The seismic shift in support for Sen. Bernie Sanders’ plan to transform the U.S. health care system into a single-payer program indicates the reach the Vermont independent has within the Democratic Party.
At the same time that his onetime presidential foe Hillary Clinton is reminding people of the party’s devastating loss last fall, Sanders is trying to define its future. His bill to enroll every American in Medicare drew 16 co-sponsors, 16 more than when he first introduced similar legislation in 2013.
It has garnered support from possible 2020 Democratic presidential hopefuls — Sens. Cory Booker of New Jersey, Kamala Harris of California, Elizabeth Warren of Massachusetts and Kirsten Gillibrand of New York — as well as Sen. Tammy Baldwin of Wisconsin, an incumbent up for re-election next year in a state narrowly won by President Donald Trump.
It also provided a welcome talking point for Republicans who have long railed against government-run health care. Several GOP senators used Sanders’ legislation as a tool to warn voters of what could come if Republicans are unable to overhaul the health care system.
‘A political crisis’
During a bill introduction Wednesday that felt more like a campaign rally than the standard press conference, Sanders — flanked by co-sponsors — stuck to his standard script of bashing Republicans and special interest groups for doing nothing to address rising health care costs.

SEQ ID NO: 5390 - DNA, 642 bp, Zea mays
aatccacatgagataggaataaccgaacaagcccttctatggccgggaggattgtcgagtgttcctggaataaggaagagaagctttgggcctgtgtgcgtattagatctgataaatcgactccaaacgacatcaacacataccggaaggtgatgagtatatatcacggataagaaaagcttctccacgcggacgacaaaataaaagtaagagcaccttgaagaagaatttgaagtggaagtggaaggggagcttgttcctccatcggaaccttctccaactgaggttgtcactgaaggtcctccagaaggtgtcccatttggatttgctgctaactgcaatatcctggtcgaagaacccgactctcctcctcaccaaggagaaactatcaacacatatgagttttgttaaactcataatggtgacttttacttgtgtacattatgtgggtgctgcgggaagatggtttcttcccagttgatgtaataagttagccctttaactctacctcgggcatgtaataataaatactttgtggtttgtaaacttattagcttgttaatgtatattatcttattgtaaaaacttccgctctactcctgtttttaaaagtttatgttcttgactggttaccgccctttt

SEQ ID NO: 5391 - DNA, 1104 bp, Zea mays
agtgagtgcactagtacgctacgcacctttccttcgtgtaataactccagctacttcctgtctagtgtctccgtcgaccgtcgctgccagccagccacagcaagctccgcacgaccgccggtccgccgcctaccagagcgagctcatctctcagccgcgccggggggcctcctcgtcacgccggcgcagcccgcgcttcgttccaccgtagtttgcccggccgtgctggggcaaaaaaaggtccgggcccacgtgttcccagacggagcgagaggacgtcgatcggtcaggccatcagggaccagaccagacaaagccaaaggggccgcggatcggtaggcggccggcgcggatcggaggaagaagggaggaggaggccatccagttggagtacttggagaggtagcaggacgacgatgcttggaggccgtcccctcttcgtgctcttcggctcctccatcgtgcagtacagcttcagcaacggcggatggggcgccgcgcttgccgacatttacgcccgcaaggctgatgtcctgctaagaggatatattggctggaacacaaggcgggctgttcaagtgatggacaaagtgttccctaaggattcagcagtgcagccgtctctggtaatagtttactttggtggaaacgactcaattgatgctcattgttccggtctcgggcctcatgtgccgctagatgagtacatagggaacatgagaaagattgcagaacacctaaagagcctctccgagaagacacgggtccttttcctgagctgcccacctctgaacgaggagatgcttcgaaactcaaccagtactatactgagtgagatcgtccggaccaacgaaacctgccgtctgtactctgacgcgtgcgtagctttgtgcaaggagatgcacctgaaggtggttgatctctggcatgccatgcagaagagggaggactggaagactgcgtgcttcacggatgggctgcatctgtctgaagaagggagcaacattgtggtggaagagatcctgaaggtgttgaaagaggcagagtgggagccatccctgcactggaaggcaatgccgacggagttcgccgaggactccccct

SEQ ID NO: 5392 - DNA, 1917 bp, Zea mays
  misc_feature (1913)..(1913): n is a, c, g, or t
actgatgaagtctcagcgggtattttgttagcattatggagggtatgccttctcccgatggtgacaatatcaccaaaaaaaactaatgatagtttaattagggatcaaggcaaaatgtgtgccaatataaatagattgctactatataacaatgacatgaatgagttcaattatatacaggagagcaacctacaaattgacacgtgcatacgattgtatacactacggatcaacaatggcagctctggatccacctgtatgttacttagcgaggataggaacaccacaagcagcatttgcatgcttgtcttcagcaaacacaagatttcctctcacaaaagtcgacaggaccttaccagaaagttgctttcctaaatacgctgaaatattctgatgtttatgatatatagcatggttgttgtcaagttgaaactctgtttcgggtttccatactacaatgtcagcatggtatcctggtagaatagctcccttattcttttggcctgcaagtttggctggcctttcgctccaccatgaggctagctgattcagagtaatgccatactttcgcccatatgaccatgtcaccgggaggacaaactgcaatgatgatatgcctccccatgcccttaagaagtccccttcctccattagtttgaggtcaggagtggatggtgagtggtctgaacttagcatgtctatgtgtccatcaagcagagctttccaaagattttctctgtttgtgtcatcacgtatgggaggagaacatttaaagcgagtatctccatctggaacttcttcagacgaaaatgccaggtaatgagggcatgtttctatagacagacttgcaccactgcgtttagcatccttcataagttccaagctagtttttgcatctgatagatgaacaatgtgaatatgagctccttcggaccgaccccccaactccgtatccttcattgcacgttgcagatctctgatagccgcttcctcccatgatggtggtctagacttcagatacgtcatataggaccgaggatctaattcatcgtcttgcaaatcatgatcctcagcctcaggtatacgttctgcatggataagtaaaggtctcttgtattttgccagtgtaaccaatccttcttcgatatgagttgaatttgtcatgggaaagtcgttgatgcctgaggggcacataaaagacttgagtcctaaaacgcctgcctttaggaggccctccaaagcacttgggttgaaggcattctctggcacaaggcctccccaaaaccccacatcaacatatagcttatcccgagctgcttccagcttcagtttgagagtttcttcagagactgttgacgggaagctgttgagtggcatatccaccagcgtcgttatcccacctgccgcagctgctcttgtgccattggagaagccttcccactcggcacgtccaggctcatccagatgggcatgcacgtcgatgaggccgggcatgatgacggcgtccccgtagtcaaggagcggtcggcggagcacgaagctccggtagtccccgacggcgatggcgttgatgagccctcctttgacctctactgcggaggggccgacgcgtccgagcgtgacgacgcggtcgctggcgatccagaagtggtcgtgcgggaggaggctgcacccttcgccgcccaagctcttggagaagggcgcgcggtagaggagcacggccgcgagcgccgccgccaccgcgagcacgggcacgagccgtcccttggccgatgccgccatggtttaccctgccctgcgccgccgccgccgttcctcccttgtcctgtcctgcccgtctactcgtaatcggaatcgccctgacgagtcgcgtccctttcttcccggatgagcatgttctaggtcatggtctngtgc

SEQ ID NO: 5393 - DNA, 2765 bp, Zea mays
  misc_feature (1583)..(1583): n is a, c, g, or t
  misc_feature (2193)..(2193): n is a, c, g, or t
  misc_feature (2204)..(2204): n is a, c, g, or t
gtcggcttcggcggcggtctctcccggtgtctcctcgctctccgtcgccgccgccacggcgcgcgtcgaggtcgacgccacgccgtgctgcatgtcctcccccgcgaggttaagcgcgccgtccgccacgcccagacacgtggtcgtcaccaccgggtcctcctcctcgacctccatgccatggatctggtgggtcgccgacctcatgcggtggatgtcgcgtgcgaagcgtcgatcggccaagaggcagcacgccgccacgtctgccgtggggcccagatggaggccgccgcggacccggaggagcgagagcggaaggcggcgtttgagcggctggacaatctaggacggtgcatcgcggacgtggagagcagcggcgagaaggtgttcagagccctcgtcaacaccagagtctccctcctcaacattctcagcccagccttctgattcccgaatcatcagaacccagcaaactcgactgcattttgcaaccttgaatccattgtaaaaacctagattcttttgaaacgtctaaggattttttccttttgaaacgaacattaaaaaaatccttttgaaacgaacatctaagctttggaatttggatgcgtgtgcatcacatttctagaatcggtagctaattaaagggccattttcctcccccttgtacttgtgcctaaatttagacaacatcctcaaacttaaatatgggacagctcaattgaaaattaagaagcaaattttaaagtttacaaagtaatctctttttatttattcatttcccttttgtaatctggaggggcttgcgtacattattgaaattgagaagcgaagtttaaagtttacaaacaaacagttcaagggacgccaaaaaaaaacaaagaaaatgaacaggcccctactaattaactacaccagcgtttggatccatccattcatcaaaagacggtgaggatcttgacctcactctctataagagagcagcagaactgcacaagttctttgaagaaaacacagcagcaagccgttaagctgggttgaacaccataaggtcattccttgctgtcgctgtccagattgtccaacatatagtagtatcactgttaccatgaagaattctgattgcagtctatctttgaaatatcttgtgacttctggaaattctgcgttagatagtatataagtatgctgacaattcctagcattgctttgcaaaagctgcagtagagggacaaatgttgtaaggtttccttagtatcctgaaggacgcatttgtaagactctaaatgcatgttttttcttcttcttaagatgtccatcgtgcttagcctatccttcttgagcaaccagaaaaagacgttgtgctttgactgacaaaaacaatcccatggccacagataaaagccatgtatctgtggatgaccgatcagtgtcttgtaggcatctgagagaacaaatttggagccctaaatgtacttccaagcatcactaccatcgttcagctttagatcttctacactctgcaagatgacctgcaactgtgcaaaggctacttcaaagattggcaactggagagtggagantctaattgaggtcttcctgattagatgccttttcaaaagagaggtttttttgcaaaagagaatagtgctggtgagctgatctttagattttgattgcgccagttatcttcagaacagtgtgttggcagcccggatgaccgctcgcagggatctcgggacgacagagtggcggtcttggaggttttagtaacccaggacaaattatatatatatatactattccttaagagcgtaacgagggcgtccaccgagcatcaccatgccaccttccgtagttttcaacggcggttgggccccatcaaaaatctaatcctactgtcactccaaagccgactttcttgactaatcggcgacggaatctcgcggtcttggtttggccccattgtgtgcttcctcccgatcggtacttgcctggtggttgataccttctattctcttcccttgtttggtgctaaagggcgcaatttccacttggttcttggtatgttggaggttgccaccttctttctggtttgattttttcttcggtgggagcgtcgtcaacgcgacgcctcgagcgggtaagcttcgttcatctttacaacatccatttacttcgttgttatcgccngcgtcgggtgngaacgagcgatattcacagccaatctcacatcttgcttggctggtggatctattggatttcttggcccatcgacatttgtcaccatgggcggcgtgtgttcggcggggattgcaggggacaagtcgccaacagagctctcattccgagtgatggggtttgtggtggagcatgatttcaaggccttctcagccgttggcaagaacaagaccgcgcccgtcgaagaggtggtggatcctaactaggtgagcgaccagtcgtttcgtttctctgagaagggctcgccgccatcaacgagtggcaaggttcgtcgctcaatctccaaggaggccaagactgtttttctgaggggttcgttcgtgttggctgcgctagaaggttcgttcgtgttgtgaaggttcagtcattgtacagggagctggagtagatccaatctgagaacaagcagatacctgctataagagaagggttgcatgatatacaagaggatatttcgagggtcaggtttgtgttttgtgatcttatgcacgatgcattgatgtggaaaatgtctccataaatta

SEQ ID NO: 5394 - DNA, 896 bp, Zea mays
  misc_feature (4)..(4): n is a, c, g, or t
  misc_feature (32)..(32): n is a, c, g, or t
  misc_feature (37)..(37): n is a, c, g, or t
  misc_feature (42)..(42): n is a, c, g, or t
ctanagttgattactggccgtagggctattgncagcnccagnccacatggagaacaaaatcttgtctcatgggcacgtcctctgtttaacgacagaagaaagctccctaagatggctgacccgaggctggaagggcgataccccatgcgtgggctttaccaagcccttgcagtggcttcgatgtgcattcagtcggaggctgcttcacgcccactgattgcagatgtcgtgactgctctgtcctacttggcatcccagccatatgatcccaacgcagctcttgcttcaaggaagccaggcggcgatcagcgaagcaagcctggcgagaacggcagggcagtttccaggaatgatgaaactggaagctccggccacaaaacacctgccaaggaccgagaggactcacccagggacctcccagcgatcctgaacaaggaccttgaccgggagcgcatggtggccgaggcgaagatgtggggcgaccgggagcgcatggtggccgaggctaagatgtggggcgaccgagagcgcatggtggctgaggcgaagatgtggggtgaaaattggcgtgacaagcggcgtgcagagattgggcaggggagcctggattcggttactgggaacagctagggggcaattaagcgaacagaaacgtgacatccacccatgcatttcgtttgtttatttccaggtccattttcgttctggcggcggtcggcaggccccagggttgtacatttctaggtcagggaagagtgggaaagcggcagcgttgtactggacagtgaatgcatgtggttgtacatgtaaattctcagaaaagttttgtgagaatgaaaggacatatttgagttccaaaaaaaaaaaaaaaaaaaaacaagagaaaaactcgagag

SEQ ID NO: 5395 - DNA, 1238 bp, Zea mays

“The crisis we are discussing is not really about health care,” he told a crowded room of activists and supporters. “The crisis we are discussing today is a political crisis which speaks to the incredible power of the insurance companies, the drug companies and all those who make billions of dollars off of the current system.”
The politics of “Medicare for all” are divisive. And aside from a short comment about raising taxes across the board, Sanders has yet to outline a clear way to pay for such a system.
There is a divide within the Democratic Party on how to define such a system, and many Senate Democrats have yet to voice their support for Sanders’ plan, including vulnerable incumbents up for re-election such as Sen. Joe Manchin III of West Virginia.